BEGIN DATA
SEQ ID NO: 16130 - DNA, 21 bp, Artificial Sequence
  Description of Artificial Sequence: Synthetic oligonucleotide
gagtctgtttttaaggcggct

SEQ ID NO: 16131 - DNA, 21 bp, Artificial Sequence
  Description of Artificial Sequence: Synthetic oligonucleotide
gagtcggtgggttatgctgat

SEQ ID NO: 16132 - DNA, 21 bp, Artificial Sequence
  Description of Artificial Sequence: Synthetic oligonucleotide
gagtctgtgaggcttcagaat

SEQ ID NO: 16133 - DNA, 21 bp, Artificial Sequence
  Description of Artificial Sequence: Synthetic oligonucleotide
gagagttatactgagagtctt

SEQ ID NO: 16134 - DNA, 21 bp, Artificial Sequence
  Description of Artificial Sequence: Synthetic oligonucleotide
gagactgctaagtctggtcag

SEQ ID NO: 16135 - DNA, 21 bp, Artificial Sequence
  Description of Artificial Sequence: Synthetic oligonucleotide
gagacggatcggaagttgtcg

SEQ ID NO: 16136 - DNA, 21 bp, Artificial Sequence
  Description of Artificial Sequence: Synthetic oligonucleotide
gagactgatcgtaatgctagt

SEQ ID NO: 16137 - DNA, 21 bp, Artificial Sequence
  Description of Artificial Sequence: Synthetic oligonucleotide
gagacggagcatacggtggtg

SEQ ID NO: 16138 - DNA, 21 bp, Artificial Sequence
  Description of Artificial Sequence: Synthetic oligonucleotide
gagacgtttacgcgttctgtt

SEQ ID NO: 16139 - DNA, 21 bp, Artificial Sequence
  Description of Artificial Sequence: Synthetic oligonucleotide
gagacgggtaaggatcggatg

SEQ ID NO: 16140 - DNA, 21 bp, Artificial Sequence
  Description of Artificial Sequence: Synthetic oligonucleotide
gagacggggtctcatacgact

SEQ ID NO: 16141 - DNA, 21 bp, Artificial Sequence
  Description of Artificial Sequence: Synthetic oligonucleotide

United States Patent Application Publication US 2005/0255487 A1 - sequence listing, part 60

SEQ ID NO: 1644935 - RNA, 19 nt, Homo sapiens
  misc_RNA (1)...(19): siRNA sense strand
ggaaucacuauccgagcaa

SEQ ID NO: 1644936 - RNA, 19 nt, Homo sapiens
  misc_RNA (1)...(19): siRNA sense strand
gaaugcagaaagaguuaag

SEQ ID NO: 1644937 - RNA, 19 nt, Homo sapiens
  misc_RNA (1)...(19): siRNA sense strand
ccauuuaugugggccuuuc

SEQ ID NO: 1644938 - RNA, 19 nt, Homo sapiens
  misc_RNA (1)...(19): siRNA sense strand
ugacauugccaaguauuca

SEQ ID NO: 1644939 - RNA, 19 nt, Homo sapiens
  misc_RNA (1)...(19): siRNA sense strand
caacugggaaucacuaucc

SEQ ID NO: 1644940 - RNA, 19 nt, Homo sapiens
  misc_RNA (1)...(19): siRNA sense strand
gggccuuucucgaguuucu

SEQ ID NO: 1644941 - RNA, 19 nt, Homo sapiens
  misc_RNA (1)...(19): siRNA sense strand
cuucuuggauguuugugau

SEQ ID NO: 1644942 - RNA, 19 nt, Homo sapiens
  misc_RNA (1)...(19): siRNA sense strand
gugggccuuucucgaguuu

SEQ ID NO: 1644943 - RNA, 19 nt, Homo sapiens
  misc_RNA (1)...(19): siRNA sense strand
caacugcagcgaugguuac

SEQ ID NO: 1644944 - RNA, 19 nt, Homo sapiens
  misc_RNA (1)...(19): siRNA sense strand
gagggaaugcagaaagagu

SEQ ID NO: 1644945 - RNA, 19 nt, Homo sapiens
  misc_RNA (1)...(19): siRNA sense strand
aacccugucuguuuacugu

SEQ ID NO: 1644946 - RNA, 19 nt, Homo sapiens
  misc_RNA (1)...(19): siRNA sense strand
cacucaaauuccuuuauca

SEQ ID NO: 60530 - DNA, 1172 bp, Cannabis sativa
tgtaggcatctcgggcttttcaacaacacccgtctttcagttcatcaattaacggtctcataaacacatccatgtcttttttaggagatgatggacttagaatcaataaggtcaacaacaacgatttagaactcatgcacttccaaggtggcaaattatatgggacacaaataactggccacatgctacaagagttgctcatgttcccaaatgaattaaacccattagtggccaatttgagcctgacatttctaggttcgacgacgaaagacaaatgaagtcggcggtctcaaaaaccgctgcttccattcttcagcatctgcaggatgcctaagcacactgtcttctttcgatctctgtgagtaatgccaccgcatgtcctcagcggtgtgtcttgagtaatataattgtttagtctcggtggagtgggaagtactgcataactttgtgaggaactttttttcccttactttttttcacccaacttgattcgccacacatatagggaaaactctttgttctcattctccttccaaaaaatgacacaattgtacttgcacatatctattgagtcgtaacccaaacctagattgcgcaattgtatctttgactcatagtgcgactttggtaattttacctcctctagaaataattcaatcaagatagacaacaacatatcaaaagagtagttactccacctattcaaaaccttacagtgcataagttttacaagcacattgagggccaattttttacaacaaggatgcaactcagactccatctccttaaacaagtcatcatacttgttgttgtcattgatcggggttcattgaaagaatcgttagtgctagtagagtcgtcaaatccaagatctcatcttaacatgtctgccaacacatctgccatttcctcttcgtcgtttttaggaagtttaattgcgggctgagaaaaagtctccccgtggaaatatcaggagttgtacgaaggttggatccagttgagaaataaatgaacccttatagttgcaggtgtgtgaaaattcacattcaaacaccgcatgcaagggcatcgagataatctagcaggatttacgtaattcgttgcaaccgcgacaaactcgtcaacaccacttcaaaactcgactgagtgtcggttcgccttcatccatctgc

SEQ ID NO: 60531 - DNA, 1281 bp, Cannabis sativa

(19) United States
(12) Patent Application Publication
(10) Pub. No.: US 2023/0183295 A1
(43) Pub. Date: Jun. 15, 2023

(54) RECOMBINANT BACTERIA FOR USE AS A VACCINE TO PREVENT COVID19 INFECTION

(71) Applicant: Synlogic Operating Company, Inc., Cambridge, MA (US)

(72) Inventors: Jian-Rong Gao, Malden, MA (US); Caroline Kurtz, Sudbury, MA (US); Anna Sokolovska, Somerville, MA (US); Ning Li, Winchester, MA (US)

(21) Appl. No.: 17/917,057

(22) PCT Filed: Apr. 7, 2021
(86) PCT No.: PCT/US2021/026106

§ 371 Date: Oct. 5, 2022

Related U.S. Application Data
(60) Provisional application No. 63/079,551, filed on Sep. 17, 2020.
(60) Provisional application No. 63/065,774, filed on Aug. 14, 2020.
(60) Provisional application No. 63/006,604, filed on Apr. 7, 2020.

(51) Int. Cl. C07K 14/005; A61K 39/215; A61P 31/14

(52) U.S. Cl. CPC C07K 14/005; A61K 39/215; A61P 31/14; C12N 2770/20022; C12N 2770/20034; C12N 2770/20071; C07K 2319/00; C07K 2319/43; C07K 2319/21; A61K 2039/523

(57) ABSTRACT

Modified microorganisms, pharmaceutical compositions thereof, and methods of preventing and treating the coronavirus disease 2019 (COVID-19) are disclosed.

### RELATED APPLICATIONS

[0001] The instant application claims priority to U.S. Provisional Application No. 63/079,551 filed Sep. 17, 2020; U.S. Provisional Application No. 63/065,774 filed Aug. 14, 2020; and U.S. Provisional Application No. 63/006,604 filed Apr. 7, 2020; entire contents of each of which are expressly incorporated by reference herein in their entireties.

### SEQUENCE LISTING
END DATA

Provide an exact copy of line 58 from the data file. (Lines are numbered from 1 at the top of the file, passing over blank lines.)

SEQ ID NO: 1644942 - RNA, 19 nt, Homo sapiens